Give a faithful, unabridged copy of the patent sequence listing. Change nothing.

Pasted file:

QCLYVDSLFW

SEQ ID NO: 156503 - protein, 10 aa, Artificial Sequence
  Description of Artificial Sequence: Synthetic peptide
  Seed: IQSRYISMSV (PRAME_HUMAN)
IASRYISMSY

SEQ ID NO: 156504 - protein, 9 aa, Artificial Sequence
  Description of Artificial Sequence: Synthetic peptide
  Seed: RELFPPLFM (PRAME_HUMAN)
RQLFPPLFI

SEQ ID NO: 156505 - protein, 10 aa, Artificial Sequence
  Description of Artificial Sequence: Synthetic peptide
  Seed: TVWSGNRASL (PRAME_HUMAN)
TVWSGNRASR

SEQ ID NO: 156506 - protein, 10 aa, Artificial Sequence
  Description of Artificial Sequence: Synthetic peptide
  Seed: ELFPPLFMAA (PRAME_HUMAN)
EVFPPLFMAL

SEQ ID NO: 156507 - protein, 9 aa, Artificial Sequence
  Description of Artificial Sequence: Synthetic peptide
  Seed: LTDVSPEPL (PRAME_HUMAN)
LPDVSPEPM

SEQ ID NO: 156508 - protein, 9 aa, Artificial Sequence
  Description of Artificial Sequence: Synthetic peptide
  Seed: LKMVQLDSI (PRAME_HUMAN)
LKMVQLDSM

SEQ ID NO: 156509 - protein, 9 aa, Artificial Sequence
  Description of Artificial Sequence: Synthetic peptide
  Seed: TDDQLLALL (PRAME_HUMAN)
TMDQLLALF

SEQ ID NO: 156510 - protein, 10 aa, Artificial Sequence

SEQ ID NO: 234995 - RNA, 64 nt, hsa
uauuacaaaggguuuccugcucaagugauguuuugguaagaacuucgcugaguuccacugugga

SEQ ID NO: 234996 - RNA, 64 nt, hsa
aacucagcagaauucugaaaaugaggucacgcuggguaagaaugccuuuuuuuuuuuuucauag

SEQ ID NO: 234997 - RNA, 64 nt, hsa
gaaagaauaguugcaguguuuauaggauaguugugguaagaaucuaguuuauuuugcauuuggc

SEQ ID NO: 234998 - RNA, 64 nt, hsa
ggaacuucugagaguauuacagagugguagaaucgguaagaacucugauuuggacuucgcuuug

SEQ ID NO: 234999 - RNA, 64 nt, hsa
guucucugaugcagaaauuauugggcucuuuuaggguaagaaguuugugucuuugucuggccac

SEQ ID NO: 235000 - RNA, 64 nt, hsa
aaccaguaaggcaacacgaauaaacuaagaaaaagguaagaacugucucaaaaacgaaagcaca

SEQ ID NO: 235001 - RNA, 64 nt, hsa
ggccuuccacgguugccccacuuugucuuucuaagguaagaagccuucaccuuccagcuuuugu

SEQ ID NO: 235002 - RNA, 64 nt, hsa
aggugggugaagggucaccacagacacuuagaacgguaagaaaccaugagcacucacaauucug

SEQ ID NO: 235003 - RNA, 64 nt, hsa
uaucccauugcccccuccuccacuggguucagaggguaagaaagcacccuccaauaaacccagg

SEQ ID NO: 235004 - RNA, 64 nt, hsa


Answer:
QCLYVDSLFW

SEQ ID NO: 156503 - protein, 10 aa, Artificial Sequence
  Description of Artificial Sequence: Synthetic peptide
  Seed: IQSRYISMSV (PRAME_HUMAN)
IASRYISMSY

SEQ ID NO: 156504 - protein, 9 aa, Artificial Sequence
  Description of Artificial Sequence: Synthetic peptide
  Seed: RELFPPLFM (PRAME_HUMAN)
RQLFPPLFI

SEQ ID NO: 156505 - protein, 10 aa, Artificial Sequence
  Description of Artificial Sequence: Synthetic peptide
  Seed: TVWSGNRASL (PRAME_HUMAN)
TVWSGNRASR

SEQ ID NO: 156506 - protein, 10 aa, Artificial Sequence
  Description of Artificial Sequence: Synthetic peptide
  Seed: ELFPPLFMAA (PRAME_HUMAN)
EVFPPLFMAL

SEQ ID NO: 156507 - protein, 9 aa, Artificial Sequence
  Description of Artificial Sequence: Synthetic peptide
  Seed: LTDVSPEPL (PRAME_HUMAN)
LPDVSPEPM

SEQ ID NO: 156508 - protein, 9 aa, Artificial Sequence
  Description of Artificial Sequence: Synthetic peptide
  Seed: LKMVQLDSI (PRAME_HUMAN)
LKMVQLDSM

SEQ ID NO: 156509 - protein, 9 aa, Artificial Sequence
  Description of Artificial Sequence: Synthetic peptide
  Seed: TDDQLLALL (PRAME_HUMAN)
TMDQLLALF

SEQ ID NO: 156510 - protein, 10 aa, Artificial Sequence

SEQ ID NO: 234995 - RNA, 64 nt, hsa
uauuacaaaggguuuccugcucaagugauguuuugguaagaacuucgcugaguuccacugugga

SEQ ID NO: 234996 - RNA, 64 nt, hsa
aacucagcagaauucugaaaaugaggucacgcuggguaagaaugccuuuuuuuuuuuuucauag

SEQ ID NO: 234997 - RNA, 64 nt, hsa
gaaagaauaguugcaguguuuauaggauaguugugguaagaaucuaguuuauuuugcauuuggc

SEQ ID NO: 234998 - RNA, 64 nt, hsa
ggaacuucugagaguauuacagagugguagaaucgguaagaacucugauuuggacuucgcuuug

SEQ ID NO: 234999 - RNA, 64 nt, hsa
guucucugaugcagaaauuauugggcucuuuuaggguaagaaguuugugucuuugucuggccac

SEQ ID NO: 235000 - RNA, 64 nt, hsa
aaccaguaaggcaacacgaauaaacuaagaaaaagguaagaacugucucaaaaacgaaagcaca

SEQ ID NO: 235001 - RNA, 64 nt, hsa
ggccuuccacgguugccccacuuugucuuucuaagguaagaagccuucaccuuccagcuuuugu

SEQ ID NO: 235002 - RNA, 64 nt, hsa
aggugggugaagggucaccacagacacuuagaacgguaagaaaccaugagcacucacaauucug

SEQ ID NO: 235003 - RNA, 64 nt, hsa
uaucccauugcccccuccuccacuggguucagaggguaagaaagcacccuccaauaaacccagg

SEQ ID NO: 235004 - RNA, 64 nt, hsa